Predicting the future by analysing the past
Chapter 1: Introduction
Author: Katherine Lehmuller, December 2016
Ancient and mysterious.
Each one of the Dolomite Mountains tells a story of the past. And what stories they can tell. Such as the exploration into one of Italy’s deepest caves, the Abyss of Cenote, located 3000 metres above sea level in the Fanes-Senes-Braies national park.
The Italian geographical exploration association, La Venta, leads a major project known as “Inside the Glaciers” (ITG). This project studies glaciers and ice caves to look for answers to better understand the impact of global warming on the Dolomites.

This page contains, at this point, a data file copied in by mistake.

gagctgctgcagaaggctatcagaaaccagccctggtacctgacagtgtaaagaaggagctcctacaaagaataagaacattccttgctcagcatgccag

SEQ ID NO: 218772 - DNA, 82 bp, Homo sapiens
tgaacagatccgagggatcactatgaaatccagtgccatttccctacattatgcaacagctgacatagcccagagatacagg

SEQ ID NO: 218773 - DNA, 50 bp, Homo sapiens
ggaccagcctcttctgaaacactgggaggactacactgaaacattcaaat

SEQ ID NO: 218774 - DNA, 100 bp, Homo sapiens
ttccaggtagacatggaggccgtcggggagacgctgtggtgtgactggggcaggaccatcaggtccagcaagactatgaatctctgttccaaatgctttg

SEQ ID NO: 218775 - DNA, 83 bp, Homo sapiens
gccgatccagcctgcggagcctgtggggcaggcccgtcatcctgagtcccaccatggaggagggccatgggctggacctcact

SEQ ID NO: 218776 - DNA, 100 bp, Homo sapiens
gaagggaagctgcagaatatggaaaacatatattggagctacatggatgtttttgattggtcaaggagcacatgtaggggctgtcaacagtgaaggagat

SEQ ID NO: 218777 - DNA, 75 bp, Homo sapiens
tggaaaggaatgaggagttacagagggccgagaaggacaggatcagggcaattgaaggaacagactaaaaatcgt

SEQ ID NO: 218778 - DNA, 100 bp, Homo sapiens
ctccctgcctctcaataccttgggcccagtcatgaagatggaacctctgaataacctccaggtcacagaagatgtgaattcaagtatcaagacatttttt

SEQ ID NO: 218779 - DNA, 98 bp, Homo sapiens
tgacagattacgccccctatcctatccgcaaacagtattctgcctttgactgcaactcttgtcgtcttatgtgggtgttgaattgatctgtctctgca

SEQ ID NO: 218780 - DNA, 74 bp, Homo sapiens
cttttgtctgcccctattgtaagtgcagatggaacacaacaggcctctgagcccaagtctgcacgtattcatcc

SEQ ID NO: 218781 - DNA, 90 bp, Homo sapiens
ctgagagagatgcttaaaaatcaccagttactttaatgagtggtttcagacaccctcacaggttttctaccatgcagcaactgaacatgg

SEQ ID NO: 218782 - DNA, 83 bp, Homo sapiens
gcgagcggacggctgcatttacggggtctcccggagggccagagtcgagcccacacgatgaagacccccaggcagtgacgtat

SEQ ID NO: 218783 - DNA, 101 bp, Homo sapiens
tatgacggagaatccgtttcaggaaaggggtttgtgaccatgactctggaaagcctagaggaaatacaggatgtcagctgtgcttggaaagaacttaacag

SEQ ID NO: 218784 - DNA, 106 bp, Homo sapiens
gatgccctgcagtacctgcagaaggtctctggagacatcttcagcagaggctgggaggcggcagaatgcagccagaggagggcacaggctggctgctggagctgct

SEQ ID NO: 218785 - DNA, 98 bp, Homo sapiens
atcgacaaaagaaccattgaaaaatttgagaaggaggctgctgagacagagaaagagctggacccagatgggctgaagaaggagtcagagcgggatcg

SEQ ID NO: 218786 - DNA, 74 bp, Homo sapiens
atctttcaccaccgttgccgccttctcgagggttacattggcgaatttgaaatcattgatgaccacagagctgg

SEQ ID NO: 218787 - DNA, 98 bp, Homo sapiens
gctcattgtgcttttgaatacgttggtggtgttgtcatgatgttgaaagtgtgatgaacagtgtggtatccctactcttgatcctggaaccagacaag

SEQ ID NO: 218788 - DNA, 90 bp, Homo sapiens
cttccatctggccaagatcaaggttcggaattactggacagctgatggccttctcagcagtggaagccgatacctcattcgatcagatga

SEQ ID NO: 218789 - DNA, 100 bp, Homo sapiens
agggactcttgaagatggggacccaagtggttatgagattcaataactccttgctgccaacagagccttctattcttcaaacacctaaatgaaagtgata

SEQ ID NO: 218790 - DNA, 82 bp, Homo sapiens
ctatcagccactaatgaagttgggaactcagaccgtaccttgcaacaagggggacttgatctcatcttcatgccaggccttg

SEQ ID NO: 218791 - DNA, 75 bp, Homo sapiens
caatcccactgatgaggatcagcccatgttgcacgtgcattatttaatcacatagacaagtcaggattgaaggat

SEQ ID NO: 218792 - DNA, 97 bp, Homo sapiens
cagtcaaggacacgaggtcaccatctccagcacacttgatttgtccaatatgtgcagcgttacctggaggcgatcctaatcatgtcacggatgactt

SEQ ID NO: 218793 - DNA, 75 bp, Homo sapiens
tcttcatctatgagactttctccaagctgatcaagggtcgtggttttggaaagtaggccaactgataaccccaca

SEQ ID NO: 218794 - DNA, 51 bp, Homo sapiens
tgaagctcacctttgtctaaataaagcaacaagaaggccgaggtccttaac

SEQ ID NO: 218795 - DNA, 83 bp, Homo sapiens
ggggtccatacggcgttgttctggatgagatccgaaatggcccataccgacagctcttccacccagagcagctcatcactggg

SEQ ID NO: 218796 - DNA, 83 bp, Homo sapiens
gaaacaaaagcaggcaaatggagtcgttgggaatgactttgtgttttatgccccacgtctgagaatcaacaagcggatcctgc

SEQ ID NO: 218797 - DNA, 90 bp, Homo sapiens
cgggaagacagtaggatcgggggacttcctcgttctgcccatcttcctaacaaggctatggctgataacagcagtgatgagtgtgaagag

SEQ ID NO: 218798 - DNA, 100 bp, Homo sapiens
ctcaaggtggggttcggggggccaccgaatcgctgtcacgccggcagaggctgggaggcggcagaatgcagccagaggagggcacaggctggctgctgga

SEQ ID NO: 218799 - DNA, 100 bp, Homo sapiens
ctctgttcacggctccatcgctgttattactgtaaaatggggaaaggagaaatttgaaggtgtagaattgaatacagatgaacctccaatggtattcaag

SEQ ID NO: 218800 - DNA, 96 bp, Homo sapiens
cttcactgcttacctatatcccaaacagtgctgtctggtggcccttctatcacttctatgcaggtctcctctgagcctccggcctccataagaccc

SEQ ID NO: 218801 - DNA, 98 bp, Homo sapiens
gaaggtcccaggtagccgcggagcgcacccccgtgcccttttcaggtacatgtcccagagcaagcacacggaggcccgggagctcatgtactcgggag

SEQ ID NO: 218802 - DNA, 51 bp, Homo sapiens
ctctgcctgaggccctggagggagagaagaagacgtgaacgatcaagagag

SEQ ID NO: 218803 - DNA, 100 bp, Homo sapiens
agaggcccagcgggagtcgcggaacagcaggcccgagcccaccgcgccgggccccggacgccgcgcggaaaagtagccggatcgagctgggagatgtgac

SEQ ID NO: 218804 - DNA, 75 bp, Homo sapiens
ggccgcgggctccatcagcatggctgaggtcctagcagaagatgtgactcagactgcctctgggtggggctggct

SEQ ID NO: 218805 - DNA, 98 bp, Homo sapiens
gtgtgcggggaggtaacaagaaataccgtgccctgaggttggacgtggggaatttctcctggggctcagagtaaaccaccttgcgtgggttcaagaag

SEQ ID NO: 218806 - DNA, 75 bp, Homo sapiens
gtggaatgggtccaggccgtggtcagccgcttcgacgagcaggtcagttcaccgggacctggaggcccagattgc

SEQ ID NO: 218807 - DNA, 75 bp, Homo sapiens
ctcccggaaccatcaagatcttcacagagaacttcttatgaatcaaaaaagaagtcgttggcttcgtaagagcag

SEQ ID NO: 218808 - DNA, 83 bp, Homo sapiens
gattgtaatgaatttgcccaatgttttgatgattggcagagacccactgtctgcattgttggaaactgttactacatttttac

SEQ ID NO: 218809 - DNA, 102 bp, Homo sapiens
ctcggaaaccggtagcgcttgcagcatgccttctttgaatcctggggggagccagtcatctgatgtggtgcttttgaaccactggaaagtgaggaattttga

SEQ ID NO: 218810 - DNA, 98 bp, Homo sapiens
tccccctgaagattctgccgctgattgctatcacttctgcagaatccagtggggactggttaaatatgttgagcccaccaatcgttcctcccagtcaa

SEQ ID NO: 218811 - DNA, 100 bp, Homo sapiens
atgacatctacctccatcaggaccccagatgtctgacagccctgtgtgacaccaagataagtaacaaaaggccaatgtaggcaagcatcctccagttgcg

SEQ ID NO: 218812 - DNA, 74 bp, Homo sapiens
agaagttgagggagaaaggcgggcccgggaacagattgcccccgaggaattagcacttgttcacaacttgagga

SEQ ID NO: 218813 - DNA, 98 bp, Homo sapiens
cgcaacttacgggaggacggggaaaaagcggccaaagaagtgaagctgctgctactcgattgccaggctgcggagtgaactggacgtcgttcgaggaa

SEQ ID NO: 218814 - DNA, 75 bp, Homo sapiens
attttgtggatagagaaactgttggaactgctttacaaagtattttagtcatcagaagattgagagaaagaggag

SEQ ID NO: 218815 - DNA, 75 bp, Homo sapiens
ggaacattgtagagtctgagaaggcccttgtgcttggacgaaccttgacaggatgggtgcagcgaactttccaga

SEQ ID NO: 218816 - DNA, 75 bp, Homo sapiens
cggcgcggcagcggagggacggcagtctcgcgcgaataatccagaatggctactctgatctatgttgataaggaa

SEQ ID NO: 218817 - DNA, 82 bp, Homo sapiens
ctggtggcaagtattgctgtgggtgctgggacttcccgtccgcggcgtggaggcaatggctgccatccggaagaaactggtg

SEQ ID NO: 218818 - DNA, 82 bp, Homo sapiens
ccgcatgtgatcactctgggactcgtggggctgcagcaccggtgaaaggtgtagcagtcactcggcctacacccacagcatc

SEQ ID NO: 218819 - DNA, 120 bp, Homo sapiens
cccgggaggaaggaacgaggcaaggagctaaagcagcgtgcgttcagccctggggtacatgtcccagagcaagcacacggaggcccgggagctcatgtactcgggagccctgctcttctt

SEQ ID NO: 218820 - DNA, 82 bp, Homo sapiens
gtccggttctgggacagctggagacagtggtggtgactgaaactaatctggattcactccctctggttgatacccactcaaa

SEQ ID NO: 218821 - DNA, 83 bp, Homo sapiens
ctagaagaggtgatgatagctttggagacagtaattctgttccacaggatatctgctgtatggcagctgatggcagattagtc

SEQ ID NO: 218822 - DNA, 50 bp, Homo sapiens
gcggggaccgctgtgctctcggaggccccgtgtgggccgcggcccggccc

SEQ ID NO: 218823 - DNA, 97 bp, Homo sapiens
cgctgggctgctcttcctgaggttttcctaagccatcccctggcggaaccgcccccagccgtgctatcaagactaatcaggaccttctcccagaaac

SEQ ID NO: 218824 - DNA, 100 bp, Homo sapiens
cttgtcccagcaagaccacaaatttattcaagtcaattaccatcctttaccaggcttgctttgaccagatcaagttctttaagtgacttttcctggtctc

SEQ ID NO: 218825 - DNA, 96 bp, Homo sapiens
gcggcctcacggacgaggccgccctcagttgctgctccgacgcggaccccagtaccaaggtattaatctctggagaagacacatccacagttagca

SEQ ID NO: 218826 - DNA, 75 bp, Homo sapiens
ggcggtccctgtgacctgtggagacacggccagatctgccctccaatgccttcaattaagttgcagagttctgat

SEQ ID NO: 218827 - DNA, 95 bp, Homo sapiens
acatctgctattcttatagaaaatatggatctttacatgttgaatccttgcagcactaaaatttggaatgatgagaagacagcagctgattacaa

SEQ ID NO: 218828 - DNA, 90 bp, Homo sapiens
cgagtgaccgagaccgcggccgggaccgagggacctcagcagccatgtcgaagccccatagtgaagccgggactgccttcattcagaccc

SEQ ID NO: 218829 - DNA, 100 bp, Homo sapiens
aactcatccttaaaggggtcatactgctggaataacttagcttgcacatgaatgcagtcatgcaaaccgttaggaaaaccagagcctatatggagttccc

In 2015, a Leica HDS 7000 scanner helped researchers generate a 3D scan of the innermost chamber of the 285 m deep ice cave, documenting the volume of the rock-walled depression (more than 400,000 cubic metres).
In 2016, a second expedition of the same cave was completed. This time, researchers documented the evolution of the ice’s behaviour inside the cave in order to understand and compare climate changes occurring in the Dolomites today. The Leica ScanStation P40 laser scanner was acquired for this excursion due to its:
- Extreme durability
- Long range scanning distances of up to 270 metres
- Durability up to temperatures of -20° Celsius.
Weather at 3,000 metres above sea level is very unpredictable and severe. The ITG team had extremely short windows of time to collect their data. Therefore, during workable periods, equipment had to work – regardless of freezing temperatures or conditions in the cave.